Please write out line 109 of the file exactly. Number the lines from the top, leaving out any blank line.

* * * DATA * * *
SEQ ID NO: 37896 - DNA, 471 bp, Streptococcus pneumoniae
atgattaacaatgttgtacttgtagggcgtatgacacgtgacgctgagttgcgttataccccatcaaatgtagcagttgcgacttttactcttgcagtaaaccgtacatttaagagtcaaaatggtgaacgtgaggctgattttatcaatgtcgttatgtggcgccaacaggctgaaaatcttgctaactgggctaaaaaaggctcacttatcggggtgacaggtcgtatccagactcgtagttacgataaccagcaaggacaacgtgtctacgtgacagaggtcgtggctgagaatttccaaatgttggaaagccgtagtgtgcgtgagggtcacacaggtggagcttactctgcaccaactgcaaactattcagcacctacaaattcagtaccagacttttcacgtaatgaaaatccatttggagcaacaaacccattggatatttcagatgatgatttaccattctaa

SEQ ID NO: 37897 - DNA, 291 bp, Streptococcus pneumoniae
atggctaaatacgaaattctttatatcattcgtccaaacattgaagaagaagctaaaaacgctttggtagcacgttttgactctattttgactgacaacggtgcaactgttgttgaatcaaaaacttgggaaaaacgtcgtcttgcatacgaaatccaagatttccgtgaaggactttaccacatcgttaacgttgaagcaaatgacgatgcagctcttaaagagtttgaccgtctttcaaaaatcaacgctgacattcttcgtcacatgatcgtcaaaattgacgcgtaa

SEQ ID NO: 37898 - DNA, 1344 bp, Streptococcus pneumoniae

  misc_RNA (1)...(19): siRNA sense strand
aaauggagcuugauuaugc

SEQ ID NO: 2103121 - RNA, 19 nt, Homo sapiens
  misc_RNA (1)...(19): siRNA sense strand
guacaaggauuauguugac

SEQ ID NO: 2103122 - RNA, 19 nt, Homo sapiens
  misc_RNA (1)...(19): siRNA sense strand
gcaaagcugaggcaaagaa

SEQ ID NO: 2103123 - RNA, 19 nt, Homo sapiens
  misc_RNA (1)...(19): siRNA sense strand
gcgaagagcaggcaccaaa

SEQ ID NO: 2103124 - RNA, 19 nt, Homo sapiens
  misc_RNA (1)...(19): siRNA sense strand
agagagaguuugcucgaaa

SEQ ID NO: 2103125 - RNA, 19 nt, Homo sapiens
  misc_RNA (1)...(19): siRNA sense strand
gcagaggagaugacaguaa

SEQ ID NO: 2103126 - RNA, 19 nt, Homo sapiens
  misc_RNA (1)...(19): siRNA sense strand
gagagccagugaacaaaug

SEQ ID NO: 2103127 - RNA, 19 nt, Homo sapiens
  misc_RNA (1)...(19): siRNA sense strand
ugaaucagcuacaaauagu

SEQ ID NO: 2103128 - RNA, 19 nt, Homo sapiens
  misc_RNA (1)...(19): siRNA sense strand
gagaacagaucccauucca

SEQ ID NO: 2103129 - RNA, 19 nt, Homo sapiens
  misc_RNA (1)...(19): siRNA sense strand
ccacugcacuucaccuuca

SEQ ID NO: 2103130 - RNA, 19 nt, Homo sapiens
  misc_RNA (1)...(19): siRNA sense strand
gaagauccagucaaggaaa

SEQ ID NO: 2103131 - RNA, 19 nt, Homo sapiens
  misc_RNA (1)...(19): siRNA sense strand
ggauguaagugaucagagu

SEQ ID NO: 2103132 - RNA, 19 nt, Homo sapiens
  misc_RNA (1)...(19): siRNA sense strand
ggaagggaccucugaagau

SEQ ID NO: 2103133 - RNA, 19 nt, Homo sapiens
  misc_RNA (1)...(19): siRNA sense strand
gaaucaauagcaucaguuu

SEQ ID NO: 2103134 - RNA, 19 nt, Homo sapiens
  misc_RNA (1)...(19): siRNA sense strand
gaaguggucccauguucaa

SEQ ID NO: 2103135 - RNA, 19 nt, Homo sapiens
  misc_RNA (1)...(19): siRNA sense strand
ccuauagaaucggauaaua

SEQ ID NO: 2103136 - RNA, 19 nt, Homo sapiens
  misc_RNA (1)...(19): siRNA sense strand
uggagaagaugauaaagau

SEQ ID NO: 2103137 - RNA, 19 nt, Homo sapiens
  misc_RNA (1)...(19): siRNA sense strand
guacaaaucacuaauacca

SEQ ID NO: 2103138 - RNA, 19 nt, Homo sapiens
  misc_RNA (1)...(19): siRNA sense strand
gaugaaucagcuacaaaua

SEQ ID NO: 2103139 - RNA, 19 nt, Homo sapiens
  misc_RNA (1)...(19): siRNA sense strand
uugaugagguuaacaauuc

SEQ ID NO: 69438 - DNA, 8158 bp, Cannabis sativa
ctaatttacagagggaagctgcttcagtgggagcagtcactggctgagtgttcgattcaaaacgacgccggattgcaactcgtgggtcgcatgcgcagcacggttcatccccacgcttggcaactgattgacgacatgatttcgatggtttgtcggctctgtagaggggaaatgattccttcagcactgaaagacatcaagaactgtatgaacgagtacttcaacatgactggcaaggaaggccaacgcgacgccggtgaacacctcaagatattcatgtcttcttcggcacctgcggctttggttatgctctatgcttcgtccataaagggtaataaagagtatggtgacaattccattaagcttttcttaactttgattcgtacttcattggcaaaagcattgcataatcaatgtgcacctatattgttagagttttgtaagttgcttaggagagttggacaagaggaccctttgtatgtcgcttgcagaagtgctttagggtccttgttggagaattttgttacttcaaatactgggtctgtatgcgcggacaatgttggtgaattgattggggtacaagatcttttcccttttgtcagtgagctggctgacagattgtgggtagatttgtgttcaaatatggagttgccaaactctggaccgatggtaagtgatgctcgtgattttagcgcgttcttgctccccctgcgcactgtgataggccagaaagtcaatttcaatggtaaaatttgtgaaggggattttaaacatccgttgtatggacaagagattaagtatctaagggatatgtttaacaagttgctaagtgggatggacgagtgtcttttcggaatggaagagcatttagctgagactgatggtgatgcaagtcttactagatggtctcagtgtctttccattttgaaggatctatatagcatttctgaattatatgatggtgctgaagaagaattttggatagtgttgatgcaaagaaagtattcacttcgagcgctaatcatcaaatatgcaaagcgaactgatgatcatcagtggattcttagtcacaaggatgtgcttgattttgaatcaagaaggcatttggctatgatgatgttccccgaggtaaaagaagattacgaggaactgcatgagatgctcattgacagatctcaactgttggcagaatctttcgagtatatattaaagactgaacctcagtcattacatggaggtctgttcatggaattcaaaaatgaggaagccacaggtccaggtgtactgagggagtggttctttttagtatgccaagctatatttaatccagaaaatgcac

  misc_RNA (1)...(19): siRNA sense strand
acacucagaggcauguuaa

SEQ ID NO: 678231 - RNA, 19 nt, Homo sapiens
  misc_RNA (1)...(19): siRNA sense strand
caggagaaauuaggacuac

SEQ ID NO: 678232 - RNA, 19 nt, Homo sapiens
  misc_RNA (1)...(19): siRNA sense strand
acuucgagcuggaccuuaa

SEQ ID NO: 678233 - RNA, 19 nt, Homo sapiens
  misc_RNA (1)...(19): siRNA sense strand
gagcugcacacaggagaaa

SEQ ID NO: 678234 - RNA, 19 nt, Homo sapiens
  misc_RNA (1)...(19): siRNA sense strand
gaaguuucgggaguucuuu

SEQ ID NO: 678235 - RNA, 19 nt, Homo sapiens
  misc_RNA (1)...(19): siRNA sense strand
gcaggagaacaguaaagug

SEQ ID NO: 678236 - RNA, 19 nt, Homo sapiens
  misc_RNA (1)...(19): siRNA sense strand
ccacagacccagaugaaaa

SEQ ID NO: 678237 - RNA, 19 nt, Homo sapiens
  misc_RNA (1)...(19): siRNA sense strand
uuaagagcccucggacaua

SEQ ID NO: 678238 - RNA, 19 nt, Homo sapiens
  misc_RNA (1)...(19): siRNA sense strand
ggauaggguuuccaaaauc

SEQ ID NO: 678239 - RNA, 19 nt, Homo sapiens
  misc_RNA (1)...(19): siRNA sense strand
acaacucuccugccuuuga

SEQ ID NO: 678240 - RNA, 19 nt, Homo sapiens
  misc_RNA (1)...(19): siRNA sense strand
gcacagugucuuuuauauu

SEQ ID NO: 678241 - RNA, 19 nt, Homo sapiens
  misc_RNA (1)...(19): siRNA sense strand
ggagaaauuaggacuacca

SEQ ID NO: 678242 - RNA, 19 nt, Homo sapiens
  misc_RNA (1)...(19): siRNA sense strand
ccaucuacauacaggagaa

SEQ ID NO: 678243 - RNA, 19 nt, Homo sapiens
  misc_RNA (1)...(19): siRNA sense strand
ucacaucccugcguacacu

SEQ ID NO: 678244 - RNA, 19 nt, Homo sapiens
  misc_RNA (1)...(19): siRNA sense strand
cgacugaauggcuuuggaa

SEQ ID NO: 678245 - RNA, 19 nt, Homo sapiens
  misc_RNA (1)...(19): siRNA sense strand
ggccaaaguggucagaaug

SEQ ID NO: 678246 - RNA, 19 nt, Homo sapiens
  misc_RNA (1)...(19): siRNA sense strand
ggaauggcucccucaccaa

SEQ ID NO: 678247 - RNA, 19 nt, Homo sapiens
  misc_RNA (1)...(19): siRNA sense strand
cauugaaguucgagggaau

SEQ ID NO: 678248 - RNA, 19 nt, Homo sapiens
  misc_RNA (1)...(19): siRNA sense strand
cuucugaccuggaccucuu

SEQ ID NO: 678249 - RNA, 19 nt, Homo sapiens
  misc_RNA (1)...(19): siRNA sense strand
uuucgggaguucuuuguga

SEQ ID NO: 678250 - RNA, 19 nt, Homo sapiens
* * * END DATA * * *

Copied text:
  misc_RNA (1)...(19): siRNA sense strand